EAST RUTHERFORD, N.J. - DeSean Jackson was still a good 20 yards from the end zone when New York coach Tom Coughlin threw his play chart and assorted game notes to the ground and began to run onto the field late Sunday afternoon.

He noticed that the headphones were slowing him down and he reached up to whip them backward off his head to improve his time in the dash. Then he went looking for punter Matt Dodge.

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It wasn't that Dodge was the cause of the entire fourth-quarter disaster that befell the Giants against the Eagles, but Coughlin was going to yell at someone and Dodge was a handy target.

The rookie had been told to punt the ball out of bounds with 14 seconds on the clock and the score improbably tied. Dodge had to gather in a high snap and hurry to avoid the rush, however, and the rest is now engraved deeply in the strange history between these teams.

"There are no words," Coughlin would tell the media a few minutes later, although he seemed to find a few to impart to Dodge. "I've never been around anything like this in my life. This is as empty as you get to feel in this business."

Coughlin has been coaching for 41 years, so he should know. For the players and the rest of the organization, what happened in their shiny new stadium on Sunday in the 38-31 loss was a tsunami that rolled out of the east end zone in the final period and washed away any confidence they might have had in their season.

The Giants are still 9-5 and can talk bravely about making the playoffs and wanting to see the Eagles again, but while the former might be true, the latter is not believable.

"What did they do different?" Coughlin said, echoing a question about what changed in the fourth quarter when the Eagles came back from a 31-10 deficit, scoring touchdowns on their final four possessions in the last eight minutes of the game. "What did they do different? They ran up and down the field. That's what they did different."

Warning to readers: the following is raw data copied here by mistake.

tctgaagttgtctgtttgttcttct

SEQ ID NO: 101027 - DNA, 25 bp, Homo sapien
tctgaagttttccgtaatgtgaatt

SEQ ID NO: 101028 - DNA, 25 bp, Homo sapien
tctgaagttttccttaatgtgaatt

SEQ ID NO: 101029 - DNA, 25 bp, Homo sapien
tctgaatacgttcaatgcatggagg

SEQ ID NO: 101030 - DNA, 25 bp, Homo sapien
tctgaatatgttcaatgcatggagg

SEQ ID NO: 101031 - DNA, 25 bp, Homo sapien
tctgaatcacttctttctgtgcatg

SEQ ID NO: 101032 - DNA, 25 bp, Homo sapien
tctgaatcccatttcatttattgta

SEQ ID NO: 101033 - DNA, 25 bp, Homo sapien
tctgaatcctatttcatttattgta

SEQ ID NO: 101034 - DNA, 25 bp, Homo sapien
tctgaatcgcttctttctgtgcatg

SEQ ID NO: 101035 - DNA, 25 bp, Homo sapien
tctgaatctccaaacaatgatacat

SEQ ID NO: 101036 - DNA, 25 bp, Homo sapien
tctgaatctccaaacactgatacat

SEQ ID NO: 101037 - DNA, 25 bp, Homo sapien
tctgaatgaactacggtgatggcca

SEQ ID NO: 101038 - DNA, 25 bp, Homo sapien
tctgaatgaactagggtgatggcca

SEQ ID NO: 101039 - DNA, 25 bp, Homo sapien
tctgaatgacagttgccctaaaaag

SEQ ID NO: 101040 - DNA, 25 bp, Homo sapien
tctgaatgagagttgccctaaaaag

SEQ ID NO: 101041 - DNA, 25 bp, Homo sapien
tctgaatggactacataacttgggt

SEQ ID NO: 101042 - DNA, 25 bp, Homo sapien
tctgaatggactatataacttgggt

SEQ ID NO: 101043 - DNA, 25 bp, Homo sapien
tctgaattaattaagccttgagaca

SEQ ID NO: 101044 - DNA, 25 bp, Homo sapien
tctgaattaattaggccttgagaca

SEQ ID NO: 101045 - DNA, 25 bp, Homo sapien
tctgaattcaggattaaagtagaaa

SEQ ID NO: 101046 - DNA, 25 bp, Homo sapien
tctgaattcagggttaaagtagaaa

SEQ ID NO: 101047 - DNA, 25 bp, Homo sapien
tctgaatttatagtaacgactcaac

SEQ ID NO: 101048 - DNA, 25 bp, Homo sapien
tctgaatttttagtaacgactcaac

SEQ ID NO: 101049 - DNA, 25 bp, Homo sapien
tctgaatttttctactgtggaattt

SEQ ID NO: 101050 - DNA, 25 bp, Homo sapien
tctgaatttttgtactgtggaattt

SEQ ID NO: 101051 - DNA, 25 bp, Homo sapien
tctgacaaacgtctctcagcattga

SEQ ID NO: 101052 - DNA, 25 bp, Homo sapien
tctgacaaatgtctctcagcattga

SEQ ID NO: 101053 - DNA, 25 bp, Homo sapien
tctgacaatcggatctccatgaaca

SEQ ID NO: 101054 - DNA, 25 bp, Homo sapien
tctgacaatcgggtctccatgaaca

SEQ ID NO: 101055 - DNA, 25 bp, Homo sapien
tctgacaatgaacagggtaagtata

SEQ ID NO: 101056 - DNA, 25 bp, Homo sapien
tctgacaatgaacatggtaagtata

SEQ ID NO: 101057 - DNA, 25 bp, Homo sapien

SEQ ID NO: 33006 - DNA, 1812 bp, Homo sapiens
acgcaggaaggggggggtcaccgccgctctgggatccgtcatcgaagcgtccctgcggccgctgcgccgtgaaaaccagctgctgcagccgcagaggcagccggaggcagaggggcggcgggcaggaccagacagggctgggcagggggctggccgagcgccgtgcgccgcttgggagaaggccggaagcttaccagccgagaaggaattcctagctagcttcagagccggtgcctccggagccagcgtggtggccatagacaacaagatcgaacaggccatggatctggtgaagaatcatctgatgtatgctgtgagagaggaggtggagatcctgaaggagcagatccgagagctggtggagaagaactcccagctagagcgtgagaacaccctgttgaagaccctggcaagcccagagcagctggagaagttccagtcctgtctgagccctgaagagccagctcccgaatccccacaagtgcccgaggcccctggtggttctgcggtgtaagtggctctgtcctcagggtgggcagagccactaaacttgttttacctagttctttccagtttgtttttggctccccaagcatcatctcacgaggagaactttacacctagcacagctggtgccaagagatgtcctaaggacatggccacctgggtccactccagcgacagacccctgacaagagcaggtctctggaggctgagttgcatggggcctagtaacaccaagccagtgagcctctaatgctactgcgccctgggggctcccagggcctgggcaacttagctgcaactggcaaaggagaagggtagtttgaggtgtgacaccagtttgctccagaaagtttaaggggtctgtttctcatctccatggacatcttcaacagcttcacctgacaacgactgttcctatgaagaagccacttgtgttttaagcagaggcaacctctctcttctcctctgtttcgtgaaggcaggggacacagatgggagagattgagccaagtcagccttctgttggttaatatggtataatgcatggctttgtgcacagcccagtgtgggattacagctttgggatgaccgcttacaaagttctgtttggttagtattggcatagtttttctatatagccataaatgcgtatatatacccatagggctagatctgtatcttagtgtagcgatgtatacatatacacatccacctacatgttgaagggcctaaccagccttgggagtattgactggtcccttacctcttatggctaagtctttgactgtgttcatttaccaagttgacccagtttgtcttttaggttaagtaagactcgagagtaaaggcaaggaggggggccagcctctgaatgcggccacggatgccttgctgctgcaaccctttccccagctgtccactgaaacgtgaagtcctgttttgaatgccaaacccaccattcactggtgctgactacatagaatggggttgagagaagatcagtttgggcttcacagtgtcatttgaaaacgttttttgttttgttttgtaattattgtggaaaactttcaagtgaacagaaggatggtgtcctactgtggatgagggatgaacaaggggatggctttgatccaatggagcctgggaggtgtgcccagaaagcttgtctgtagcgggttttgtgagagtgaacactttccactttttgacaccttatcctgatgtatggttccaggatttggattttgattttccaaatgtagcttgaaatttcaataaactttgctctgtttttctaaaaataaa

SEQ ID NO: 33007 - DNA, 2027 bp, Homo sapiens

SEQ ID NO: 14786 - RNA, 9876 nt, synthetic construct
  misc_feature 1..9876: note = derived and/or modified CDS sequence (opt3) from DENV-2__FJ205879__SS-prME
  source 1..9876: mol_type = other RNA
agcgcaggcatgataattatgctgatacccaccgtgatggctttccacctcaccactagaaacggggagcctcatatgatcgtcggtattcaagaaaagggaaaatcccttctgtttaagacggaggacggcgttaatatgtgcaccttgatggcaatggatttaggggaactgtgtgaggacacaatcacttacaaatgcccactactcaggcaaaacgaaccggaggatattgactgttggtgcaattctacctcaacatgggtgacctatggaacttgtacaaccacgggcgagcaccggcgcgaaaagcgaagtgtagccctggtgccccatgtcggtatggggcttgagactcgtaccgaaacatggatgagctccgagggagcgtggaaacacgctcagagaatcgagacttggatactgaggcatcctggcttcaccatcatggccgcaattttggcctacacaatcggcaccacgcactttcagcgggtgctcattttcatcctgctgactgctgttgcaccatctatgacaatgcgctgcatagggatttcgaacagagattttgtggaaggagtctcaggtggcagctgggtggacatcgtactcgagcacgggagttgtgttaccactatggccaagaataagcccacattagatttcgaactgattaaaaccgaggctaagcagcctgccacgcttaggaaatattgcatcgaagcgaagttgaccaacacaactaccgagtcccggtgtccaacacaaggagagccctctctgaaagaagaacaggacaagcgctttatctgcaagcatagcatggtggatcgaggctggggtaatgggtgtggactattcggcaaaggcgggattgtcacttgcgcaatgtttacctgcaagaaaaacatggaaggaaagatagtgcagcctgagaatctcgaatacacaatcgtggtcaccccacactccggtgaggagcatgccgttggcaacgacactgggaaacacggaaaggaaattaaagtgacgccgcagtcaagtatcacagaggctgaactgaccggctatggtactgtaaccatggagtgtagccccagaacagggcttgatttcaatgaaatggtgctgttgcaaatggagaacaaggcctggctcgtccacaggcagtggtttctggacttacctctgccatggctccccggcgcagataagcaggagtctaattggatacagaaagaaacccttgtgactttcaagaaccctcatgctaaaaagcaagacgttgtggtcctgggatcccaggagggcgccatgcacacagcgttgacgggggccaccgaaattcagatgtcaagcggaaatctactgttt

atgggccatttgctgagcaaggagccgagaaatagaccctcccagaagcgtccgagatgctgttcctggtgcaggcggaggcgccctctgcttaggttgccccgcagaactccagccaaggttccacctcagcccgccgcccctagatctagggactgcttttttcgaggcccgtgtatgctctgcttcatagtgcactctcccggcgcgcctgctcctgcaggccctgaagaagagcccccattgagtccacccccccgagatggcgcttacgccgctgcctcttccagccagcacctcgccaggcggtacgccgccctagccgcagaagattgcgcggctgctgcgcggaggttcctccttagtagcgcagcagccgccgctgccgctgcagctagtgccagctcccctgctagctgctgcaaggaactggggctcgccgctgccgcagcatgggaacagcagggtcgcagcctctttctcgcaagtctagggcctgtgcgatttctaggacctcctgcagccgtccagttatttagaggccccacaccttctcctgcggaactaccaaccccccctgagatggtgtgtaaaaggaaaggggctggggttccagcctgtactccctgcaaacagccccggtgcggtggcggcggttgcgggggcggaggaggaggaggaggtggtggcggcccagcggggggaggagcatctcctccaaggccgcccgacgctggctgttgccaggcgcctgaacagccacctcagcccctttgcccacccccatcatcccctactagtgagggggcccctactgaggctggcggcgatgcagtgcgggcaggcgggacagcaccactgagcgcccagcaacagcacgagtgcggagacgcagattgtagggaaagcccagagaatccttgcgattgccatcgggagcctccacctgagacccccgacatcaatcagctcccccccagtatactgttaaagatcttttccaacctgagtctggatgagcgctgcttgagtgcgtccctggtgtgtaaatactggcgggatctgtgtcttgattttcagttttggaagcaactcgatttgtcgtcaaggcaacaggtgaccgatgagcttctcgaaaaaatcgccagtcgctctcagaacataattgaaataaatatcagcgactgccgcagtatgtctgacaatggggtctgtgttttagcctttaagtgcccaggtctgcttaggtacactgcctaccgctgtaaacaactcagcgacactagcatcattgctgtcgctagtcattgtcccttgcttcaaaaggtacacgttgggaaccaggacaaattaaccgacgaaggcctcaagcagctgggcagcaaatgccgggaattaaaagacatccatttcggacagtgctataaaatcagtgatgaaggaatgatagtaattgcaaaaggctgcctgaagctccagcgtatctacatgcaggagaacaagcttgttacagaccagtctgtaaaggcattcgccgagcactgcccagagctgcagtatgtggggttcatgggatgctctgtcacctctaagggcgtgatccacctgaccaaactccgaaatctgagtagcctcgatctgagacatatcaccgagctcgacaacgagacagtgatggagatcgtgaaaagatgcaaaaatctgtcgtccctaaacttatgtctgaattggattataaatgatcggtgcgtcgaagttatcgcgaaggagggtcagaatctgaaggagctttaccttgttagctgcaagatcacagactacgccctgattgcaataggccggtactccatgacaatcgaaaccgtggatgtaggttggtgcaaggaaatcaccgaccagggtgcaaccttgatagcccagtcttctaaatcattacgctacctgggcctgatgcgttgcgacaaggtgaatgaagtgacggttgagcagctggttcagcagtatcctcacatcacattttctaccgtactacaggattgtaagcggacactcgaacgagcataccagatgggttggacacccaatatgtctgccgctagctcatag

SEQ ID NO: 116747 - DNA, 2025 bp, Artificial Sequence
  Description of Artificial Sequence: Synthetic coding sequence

It wasn't quite that simple. A lot of things went right for the Eagles and went wrong for the Giants. There was a New York drive after the Eagles cut the margin to seven points in which the Giants were one more first down from a field goal and they had a penalty that stopped them. There was New York's decision to leave time on the clock at the end of regulation that forced them to make the disastrous punt. There was all of that, but mostly he was right. There was Michael Vick running the team up and down the field.

"We're supposed to keep the ball inside and he gets outside and runs halfway down the field. The next play, he gets the ball and runs right up the middle. That's what's frustrating," Coughlin said. "To be in position and then have the quarterback slither his way out of there, ducking down, however he did it."

Coughlin thought his team had this thing figured out through the first three quarters. His defense got to Vick, beat him up, and had him limping by the end of the second period, when Andy Reid made the terrible decision to keep pushing rather than regroup at halftime. A 14-point deficit turned into a 21-point deficit and the Eagles looked finished for the day.

"We got some good hits on him," New York defensive end Justin Tuck said. "He was getting up slow. But then that adrenaline gets going and you forget about it. He just put his team on his back and carried them. He made the plays."

The enormity of what Vick did on Sunday will be lost somewhat in the attention given to Jackson, who muffed the punt and took advantage when the New York coverage team got out of its lanes as a result. This was a Vick win, and it was gained at a point when most teams are mentally packing up for the ride home.

"He was the X-factor. You can't shut him down all game," Tuck said.

That quickly, in the space of those eight minutes of playing time, the division lead, a home game in the playoffs, maybe even the playoffs themselves were taken away from the Giants.

They lost more than a football game. They lost the right to believe in themselves after coughing up this one.

"We'll find out if we can recover. It's hard to envision the way to recover from this," defensive end Osi Umenyiora said. "There's no blueprint for what we do to get over this."

That's because there isn't one. In the dressing room after the game, with a 1,000-yard stare coming from every locker, it is hard to know what the Giants still expect from this season, or what they want.

Regardless of what they say, however, they don't want any more Philadelphia Eagles.

Contact columnist Bob Ford at 215-854-5842 or bford@phillynews.com.
Read his recent work at http://go.philly.com/bobford.